How to Get a License for Golf Cartsby Andante Sostenuto
In an energy-conscious and environmentally-friendly world, golf carts are a safe and cheap alternative to cars that both children and adults can drive. There are a variety of golf carts available on the market for consumers today. The three main types are gas-powered, electric, and solar-powered.
Golf cart licensing and registration varies by state. Check the local DMV office for the rules regarding the area. Most states require a valid driver's license and golf cart insurance.
Research where it is permissible for golf carts to be driven off-course. Private and public roads have their own rules. Evaluate whether or not a golf cart will be an efficient mode of transportation in the neighborhood.
Determine whether your state or city has a separate application for a golf cart license. Some areas bypass this step entirely. The application will usually be available on the city website.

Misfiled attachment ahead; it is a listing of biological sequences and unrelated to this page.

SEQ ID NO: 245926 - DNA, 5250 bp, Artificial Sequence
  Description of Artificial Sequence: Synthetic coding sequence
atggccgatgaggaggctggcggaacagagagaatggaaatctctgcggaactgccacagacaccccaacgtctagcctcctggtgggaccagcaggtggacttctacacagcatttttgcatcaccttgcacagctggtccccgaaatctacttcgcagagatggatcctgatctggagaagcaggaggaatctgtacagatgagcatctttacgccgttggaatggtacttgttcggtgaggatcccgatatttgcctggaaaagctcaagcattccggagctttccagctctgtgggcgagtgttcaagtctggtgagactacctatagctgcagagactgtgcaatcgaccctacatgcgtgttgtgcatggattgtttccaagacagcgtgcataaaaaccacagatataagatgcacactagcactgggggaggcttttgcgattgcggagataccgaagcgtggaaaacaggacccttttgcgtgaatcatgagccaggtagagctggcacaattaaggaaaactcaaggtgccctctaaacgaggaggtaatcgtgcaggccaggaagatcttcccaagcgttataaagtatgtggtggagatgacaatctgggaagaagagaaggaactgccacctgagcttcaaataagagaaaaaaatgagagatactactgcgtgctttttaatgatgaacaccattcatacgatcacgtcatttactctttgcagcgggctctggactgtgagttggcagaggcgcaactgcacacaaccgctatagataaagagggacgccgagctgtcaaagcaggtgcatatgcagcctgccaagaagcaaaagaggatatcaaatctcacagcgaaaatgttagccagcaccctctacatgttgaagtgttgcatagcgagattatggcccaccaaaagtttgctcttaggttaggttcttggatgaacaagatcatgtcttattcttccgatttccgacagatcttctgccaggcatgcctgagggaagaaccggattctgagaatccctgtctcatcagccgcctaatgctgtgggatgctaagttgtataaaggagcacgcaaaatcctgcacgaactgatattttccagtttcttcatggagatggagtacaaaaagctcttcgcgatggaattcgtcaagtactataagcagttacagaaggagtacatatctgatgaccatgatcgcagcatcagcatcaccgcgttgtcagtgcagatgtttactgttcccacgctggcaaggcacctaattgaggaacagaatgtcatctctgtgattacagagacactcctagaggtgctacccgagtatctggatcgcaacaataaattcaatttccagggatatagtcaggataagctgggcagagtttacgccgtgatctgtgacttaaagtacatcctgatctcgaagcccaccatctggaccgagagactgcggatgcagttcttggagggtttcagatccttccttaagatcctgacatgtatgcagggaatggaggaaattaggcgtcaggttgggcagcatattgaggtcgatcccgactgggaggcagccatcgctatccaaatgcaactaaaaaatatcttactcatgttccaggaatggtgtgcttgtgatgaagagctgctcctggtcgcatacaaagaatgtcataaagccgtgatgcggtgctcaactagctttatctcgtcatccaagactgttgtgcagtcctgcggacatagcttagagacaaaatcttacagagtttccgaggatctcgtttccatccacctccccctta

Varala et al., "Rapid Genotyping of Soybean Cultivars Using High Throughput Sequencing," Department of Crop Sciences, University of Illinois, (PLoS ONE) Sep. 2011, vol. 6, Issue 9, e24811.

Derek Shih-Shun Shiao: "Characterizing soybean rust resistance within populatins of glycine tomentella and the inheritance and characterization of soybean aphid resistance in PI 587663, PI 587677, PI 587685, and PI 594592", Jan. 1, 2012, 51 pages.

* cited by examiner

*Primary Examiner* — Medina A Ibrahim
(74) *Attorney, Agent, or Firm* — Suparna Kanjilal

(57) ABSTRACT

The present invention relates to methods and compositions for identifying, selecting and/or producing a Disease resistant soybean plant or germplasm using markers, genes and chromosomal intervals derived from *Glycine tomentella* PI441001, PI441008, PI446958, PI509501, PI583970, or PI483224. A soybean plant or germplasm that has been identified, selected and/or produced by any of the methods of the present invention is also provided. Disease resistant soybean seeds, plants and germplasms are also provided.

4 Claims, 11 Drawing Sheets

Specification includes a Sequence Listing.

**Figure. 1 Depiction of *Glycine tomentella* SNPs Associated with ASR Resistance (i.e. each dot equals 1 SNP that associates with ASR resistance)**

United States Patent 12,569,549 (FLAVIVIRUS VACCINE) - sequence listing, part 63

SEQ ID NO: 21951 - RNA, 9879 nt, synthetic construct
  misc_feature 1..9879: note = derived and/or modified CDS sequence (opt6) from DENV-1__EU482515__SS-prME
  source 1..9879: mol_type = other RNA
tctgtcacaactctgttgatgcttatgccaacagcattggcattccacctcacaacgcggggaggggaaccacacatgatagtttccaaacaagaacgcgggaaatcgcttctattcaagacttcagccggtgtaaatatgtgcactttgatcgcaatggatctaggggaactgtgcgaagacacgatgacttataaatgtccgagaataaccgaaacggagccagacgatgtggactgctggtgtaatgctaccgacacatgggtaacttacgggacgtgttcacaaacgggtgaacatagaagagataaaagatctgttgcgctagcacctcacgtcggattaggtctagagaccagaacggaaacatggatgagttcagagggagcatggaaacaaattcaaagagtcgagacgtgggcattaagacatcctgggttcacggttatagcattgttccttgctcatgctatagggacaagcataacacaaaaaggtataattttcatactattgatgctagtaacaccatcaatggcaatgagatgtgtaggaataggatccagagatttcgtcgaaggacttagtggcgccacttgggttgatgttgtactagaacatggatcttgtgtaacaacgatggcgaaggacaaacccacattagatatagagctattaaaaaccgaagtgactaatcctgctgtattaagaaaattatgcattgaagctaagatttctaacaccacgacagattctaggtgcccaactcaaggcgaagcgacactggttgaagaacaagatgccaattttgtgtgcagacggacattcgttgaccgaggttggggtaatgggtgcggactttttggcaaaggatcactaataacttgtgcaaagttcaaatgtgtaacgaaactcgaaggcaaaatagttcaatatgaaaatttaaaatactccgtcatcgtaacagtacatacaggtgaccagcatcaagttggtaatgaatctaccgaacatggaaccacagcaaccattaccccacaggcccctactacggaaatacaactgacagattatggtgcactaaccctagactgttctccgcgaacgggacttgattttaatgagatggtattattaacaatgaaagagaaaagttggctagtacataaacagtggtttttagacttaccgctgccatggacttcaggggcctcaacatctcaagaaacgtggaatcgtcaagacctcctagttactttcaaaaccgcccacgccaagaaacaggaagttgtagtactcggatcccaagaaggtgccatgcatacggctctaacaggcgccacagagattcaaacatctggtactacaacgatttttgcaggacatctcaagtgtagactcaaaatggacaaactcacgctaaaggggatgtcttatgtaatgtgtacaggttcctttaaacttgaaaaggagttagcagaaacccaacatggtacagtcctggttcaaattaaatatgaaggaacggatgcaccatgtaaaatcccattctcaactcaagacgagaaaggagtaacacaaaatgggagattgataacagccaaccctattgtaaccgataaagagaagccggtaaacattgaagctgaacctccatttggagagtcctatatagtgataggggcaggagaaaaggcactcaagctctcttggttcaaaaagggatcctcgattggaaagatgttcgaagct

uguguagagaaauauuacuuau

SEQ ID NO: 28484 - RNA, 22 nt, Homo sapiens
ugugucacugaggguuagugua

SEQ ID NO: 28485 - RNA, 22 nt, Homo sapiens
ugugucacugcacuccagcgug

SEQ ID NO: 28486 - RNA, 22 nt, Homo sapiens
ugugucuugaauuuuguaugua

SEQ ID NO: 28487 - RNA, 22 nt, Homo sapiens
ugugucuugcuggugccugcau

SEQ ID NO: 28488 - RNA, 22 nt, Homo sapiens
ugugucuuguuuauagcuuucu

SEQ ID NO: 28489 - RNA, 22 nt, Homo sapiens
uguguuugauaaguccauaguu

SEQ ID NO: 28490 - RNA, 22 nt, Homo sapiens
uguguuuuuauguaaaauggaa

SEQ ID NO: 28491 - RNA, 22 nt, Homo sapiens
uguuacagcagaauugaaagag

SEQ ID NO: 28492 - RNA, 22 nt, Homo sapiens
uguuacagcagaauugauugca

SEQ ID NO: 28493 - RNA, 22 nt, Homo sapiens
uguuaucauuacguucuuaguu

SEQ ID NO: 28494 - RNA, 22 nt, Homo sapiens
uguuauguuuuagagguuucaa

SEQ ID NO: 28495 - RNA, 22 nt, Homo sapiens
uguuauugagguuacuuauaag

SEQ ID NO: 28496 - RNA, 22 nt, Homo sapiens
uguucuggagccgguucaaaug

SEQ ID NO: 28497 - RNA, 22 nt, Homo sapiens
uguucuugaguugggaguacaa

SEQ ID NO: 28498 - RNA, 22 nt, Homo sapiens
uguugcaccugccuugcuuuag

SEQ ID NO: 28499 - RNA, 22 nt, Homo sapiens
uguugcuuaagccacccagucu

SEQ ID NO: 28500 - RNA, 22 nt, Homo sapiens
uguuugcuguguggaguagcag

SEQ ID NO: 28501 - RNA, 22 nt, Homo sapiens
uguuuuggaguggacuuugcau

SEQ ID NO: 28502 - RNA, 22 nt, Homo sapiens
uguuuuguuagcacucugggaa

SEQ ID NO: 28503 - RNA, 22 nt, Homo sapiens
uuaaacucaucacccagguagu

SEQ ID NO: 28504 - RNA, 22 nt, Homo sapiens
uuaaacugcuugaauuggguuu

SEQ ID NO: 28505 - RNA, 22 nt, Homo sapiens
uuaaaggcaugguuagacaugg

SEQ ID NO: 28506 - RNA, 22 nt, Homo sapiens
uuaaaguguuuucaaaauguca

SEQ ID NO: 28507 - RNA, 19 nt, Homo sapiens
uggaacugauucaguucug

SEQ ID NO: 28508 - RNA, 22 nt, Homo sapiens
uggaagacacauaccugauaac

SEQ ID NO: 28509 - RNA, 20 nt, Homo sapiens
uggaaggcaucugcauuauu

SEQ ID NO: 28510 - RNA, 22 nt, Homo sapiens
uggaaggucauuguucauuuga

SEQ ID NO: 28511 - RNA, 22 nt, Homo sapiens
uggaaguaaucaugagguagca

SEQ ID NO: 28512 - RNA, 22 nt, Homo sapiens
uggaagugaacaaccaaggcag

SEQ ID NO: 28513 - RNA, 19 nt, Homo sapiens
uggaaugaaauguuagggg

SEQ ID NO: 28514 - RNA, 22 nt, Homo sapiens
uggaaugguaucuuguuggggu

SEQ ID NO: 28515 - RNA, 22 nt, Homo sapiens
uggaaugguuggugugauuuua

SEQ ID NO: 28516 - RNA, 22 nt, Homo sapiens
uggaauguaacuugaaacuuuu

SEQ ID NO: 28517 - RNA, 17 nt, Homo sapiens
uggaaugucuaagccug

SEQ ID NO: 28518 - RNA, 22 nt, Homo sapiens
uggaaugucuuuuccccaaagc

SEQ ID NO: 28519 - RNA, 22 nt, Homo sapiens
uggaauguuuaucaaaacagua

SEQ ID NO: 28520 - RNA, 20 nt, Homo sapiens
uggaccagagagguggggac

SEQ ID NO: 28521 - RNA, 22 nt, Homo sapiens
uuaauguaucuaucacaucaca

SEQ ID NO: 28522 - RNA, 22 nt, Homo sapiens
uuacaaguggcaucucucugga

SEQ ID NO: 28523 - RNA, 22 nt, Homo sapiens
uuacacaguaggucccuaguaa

If necessary, renew the driver's license. Go to the DMV website. Click on the appropriate state and follow the instructions given. Make sure to have a credit card and the social security number of the owner on hand.
To insure the golf cart, call your insurance company. Golf cart insurance can be bought from sports insurance companies or extended from the home owner's policy. Liability insurance is also recommended.
Some states require a permit to drive a golf cart. Print out a form from the DMV website and fill it out. Drop it off at the local DMV office.
If the city requires a separate golf cart license, fill out the application and drop it off where appropriate. This may not always be the local DMV, but instead city hall.
- An alternative to a golf cart is a Neighborhood Electric Vehicle (NEV), which is battery-powered and operates without fossil fuels. Regulations vary by state.
Things You'll Need
- Driver's license
- Local DMV office
- Social Security number
- Credit card
- Only drive golf carts on roads where the speed limit is 35 mph or lower.
Andante Sostenuto has been writing online for three years and offline for even longer than that. Prior to working for Demand Studios, she contracted various freelance gigs from sites such as Textbroker, eCopywriters, eHow, and Helium. Sostenuto has had her work published by CFCP Inc. and Creative Communications Inc. She is currently an English major at U.C. Berkeley.